The Gunshot Residue Subcommittee focuses on standards and guidelines related to the analysis of evidence that results from the deposition of or physical transfer of small or minute quantities of gunshot residue.
The Organic Gunshot Residue Task Group is looking for participants to join an inter-laboratory study on the collection and analysis of organic gunshot residues. The inter-lab study is intended to support a draft standard practice the task group has developed which contains methodologies for gas chromatography/mass spectrometry (GC/MS) and liquid chromatography/mass spectrometry (LC/MS) analyses of organic gunshot residues.
Read the invitation letter to learn more about this study and how to participate. Also, to learn more about the interest in conducting organic gunshot residue in an operational setting, please complete this brief survey.
Thomas "Rusty" White, Subcommittee Chair, Texas Department of Public Safety Crime Laboratory Services
Trevor Gillis, Subcommittee Vice Chair, Santa Clara County (California) District Attorney's Crime Laboratory
Emily Weber, Subcommittee Executive Secretary, Hamilton County (Ohio) Coroner's Office
Candice Bridge, University of Central Florida
Jesse D. Brown, Defense Forensic Science Center (including U.S. Army Criminal Investigation Laboratory)
Andrew Cohen, University of Massachusetts (Human Factors Representative)
Douglas DeGaetano, Virginia Department of Forensic Science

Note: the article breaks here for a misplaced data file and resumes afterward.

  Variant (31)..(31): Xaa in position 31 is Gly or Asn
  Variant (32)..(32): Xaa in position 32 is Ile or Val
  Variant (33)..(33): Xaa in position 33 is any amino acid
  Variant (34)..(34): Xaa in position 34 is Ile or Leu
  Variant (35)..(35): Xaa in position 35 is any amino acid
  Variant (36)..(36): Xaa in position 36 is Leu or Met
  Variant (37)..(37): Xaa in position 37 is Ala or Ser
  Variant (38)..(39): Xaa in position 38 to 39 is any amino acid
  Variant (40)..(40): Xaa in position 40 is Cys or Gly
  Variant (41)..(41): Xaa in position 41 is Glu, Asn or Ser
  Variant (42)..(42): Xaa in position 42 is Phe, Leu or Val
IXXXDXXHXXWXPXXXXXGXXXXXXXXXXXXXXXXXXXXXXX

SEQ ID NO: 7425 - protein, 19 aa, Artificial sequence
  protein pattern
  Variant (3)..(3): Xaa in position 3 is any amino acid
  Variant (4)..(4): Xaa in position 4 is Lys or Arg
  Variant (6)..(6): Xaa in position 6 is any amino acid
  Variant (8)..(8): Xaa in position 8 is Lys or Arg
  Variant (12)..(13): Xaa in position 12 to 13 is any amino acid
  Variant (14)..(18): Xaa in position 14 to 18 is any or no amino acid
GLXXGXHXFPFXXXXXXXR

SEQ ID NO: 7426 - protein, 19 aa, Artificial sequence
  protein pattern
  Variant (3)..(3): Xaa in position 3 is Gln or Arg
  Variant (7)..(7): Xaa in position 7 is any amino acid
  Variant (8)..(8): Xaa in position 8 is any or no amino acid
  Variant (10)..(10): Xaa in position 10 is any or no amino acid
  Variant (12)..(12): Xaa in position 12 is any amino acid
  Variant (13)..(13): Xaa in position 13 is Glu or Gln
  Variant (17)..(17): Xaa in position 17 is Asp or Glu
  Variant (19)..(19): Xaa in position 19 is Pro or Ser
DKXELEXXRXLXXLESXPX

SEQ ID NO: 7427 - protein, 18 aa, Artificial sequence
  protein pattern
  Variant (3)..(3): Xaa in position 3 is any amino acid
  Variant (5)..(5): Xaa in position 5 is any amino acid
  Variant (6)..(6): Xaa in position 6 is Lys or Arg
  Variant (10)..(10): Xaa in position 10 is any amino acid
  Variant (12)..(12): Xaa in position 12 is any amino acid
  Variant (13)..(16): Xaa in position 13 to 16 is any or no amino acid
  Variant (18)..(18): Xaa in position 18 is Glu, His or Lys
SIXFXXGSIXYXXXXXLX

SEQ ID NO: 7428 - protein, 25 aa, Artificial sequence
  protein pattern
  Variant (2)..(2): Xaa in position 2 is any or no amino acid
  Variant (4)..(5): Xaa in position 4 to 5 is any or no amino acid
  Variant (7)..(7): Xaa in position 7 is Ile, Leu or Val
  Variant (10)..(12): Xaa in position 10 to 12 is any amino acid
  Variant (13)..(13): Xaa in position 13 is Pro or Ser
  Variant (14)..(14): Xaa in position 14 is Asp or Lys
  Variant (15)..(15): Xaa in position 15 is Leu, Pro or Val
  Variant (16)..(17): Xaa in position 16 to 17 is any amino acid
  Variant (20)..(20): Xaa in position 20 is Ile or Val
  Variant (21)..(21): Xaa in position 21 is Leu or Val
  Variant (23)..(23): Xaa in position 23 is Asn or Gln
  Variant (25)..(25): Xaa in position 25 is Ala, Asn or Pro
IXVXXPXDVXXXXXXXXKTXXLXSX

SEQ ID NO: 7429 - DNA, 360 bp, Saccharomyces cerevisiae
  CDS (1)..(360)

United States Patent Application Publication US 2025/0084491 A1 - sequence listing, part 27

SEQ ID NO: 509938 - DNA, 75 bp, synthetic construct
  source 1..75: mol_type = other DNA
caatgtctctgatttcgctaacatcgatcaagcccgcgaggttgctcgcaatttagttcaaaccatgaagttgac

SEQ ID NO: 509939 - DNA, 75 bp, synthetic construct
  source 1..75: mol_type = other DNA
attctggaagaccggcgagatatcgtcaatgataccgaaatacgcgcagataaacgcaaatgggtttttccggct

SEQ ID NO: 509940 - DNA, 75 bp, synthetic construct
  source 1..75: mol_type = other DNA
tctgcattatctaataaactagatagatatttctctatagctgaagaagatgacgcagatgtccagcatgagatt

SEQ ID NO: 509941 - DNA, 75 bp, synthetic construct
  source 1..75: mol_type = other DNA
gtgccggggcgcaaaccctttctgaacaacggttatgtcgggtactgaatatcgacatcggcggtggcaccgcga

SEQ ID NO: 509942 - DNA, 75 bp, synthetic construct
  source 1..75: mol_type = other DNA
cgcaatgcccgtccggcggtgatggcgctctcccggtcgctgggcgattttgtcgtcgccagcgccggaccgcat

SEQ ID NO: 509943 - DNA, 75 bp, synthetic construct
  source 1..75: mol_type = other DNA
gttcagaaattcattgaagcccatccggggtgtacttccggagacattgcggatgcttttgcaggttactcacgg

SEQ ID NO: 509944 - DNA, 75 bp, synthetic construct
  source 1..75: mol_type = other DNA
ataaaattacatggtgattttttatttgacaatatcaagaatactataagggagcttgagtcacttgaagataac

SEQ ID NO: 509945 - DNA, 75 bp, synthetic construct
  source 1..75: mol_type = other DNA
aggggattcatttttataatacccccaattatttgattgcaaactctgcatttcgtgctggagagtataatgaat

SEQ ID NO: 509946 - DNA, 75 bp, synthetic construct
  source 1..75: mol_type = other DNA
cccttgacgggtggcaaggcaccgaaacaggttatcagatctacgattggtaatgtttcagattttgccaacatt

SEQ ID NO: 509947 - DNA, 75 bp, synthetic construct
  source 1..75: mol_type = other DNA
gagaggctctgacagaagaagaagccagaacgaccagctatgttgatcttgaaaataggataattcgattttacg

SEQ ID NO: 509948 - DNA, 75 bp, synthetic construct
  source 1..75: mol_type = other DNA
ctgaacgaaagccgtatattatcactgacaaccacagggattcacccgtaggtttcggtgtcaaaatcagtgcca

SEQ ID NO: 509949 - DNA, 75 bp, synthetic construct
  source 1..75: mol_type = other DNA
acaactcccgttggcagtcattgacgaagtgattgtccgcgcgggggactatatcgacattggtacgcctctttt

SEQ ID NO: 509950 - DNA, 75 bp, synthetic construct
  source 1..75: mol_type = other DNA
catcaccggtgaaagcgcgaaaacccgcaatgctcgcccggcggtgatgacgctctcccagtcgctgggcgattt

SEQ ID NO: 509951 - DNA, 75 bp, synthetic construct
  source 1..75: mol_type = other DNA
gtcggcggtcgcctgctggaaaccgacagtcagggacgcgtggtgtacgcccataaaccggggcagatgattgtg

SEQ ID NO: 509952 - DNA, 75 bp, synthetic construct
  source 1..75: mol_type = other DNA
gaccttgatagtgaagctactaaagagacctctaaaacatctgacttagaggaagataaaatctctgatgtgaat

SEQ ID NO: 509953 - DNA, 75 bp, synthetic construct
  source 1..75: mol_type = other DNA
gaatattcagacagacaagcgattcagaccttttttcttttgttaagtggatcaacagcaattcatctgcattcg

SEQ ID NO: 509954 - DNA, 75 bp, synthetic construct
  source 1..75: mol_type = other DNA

John Drugan, Massachusetts State Police Forensic Group
David Edwards, JEOL USA, Inc.
Dana Greely, Colorado Bureau of Investigation
Monica Joshi, Ph.D., West Chester University of Pennsylvania
Debra Joslin, Ph.D., McCrone Associates
Mary Keehan, Virginia Department of Forensic Science
Michael McCarriagher, Georgia Bureau of Investigation
Elizabeth Meli, U.S. Department of Justice (Legal Representative)
Danica Ommen, Iowa State University
Koren Powers, West Virginia State Police Forensic Laboratory
Amy Reynolds, Boston Police Crime Laboratory
Nicholas Ritchie, Ph.D., National Institute of Standards and Technology
Jason Schroeder, Harris County (Texas) Institute of Forensic Sciences
Patti Williams, ANSI National Accreditation Board (Quality Representative)
J. Matney Wyatt, Defense Forensic Science Center (including U.S. Army Criminal Investigation Laboratory)
The Forensic Science Standards Board (FSSB) has provided the opportunity for OSAC Subcommittees to identify baseline documents and reference materials that best reflect the current state of the practice within their respective disciplines.
These documents contain practical information regarding these disciplines that can help forensic scientists, judges, lawyers, researchers, other interested parties and the general public, to better understand the nature, scope, and foundations of the individual disciplines as they are currently practiced.
It is important to note that the identification of these documents in this venue does not represent an endorsement by OSAC or NIST. Only documents that are posted on the OSAC Registries constitute OSAC endorsement. All copyrights for these documents are reserved by their owners. Subcommittee position statements or responses to data collections by the subcommittee represent the consensus opinion of the subcommittee, not necessarily the position of the entire OSAC organization or NIST.
In general, the development of standards and guidelines is transitioning from the Scientific Working Groups (SWGs) to the OSAC. Some SWGs will continue to operate to provide other resources within their discipline. The existing SWG documents will remain in effect until updated documents are disseminated by the OSAC or the SWG. SWGDAM will retain the responsibility for updating the FBI DNA Quality Assurance Standards.
– Forensic Science Standards Board: March 2015